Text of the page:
I’ve been watching a couple of Eastern Bluebirds in my yard since spring. Against the backdrop of my neighbor’s barn, they’ve built their home inside a rustic gray bird house nailed against an ancient power pole. I watched as they worked days and days on end bringing back scraps of bark and twigs and string. I witnessed their war with a Mockingbird who insisted he was moving in too. The smaller blue birds won through tenacity alone. I waited patiently hoping to see evidence of a new family for the two. The multitude of bugs they carried in through the perfectly sized hole in the front of their house was surely for feeding chicks. I watched and waited content in the cool mornings to sit and listen to the Bluebirds and their hundred bird choir fill the morning with song.
My folks came for a visit late last spring and we sat on the porch as usual drinking our coffee and watching the Bluebirds. I asked my dad how many birds he thought were singing at once and he replied, “Hundreds.” My mom looked up from her phone and asked, “You can hear birds singing?” My heart sank. Hundreds of birds were filling the morning air with sound and my mom couldn’t hear a single one. We had known for some time that Mom was struggling with her hearing. There were misunderstandings and requests for repetition of phrases which she would repeat back incorrectly and we would rephrase thinking she didn’t understand. But it was shocking to realize that she was missing something as significant to me as bird song. She was living in a different world than me, one with no bird sounds and it made me sad. She promised to look into a hearing aid as soon as she returned home.
The Bluebirds showed up less and less as summer turned hot and dry. Their baby birds never revealed themselves while I was on watch. Dad had his hip replaced and Mom had her final surgery after fighting cancer for years and surviving. Grandma turned 90 while the whole town showed up to celebrate and Mom got a hearing aid.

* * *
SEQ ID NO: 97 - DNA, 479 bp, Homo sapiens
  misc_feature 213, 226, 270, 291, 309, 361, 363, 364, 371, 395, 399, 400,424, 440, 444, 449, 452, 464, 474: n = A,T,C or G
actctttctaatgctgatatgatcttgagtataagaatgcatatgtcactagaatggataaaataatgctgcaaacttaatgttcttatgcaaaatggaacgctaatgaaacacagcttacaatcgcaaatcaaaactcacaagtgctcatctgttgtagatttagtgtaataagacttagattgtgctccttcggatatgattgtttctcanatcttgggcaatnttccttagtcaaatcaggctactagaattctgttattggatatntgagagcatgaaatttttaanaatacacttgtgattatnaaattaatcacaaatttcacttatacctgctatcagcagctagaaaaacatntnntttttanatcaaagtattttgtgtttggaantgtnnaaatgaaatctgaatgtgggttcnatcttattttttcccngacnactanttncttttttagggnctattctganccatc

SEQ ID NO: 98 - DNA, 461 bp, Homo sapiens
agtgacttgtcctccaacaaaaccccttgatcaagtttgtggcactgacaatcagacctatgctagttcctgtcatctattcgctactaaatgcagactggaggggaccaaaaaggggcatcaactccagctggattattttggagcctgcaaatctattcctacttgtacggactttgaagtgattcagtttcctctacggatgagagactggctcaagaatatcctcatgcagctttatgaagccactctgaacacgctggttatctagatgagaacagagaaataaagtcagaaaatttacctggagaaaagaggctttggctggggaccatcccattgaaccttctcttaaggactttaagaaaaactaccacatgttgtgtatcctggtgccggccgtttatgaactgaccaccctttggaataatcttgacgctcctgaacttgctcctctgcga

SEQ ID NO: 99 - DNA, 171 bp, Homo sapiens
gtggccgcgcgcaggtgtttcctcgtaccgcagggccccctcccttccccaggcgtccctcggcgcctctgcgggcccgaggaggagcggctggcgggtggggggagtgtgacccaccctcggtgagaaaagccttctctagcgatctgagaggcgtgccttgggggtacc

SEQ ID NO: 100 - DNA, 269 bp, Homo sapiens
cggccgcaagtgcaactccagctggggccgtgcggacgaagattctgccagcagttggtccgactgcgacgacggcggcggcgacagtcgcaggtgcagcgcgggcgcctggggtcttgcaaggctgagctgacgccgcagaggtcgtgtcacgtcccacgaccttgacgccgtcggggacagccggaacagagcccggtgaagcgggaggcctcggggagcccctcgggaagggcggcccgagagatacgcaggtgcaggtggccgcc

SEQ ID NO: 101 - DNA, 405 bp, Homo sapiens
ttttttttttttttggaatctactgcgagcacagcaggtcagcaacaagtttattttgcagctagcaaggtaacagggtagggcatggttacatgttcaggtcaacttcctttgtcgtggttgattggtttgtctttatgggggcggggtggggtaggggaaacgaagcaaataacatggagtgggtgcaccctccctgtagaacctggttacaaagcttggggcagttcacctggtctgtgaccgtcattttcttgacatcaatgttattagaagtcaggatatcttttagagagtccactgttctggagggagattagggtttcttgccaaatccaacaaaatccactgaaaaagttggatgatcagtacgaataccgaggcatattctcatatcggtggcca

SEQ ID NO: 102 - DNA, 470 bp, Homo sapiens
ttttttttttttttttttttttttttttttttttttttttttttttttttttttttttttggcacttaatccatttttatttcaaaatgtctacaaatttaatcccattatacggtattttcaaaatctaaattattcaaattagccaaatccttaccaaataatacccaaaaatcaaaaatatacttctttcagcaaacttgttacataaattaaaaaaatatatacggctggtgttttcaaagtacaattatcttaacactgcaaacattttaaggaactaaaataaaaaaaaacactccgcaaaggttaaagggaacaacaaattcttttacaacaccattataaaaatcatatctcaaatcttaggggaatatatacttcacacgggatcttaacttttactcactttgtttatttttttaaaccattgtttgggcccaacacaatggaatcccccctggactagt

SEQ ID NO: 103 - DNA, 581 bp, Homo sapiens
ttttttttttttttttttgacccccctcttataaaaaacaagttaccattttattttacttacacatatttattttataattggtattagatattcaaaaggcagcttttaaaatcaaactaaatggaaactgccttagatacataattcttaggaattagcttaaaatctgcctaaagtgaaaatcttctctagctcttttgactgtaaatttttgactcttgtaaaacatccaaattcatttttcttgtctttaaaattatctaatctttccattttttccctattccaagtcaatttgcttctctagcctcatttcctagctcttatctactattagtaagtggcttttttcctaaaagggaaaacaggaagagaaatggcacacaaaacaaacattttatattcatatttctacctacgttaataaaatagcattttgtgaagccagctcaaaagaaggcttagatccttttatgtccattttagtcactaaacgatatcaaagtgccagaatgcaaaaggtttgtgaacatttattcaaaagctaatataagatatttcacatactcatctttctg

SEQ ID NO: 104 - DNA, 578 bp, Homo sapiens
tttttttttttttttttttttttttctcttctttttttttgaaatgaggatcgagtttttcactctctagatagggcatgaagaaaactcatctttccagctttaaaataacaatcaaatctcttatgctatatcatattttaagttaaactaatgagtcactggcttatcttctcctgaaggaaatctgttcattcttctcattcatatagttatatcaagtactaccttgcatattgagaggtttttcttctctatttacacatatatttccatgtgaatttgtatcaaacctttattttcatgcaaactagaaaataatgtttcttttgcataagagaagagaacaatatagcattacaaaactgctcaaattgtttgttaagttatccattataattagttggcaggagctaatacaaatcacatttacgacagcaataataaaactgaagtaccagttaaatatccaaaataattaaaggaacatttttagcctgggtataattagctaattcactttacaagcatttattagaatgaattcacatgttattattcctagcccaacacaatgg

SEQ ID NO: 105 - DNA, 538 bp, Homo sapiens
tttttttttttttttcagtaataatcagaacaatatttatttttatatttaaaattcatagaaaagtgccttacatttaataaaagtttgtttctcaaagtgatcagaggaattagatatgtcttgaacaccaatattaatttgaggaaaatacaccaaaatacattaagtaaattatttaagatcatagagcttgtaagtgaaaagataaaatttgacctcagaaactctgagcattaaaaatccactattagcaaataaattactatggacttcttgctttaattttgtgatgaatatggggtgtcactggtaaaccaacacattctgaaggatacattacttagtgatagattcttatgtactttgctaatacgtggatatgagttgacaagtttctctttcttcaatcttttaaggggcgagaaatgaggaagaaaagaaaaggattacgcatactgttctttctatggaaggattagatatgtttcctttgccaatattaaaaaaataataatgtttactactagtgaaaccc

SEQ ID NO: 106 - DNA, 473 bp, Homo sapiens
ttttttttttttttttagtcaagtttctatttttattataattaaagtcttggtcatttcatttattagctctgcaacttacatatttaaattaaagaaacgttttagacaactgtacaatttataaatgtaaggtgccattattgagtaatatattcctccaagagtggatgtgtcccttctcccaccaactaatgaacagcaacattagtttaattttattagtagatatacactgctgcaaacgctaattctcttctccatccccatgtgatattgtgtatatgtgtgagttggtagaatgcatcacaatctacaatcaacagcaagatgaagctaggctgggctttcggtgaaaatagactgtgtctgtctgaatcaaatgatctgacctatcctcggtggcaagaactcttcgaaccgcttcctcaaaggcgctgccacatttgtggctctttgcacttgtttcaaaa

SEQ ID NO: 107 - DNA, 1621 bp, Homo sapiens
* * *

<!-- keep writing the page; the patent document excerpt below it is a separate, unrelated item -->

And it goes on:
Mom and Dad came back for a visit over the fourth of July and the Bluebirds returned too. We sat on the porch together again, though the morning breeze was much hotter, and watched as the Bluebirds repaired their nest. In and out of that little hole they came and went and we pondered a second batch of chicks.
It’s amazing the things we take for granted. To know I can sit on the same porch with my mom and have such an entirely different experience in the same moment. My world full of song, her’s nearly silent. Mom feels good. She’s happy now, and she can hear the birds sing.
“Grant that we may not so much seek to be understood as to understand.” ~ St. Francis of Assisi
My best friend from high school once described Hell as a calendar full of February’s; terrifying. Up ahead, I see the full month of February blocking my way to springtime. It’s ominous and dark up there and after surviving the chaos of November and December and the treacherous gray days of January, I’m not sure I even want to approach it. There’s no way around it so, here I go…
I have a head cold and I’ve been in denial about it all week. But today, it’s Saturday, and I am giving in to the luxury of a loose schedule to really settle in to my misery. The day matches the way I feel, cold and gray. I look up from my lap full of Kleenex at the sound of angry black birds cawing from the snow-covered lawn. I look up at the gloomy gray sky and realize, it’s not gray at all; it’s white. It’s the same white as the snow on the ground, a mirror image separated by the golden stubble of corn stalks along the horizon. In fact, it’s sort of beautiful.
Ok, I can do this. All I have to do is find something beautiful to focus on each day and before long the red-winged blackbirds will be shrieking in the field grass and the robins will be pulling up worms. In a few months, the poke week and fiddleheads will begin sending up shoots then I’ll find my asparagus, I hope. Finding beauty in the gloom, it gives me hope, and hope will get me through.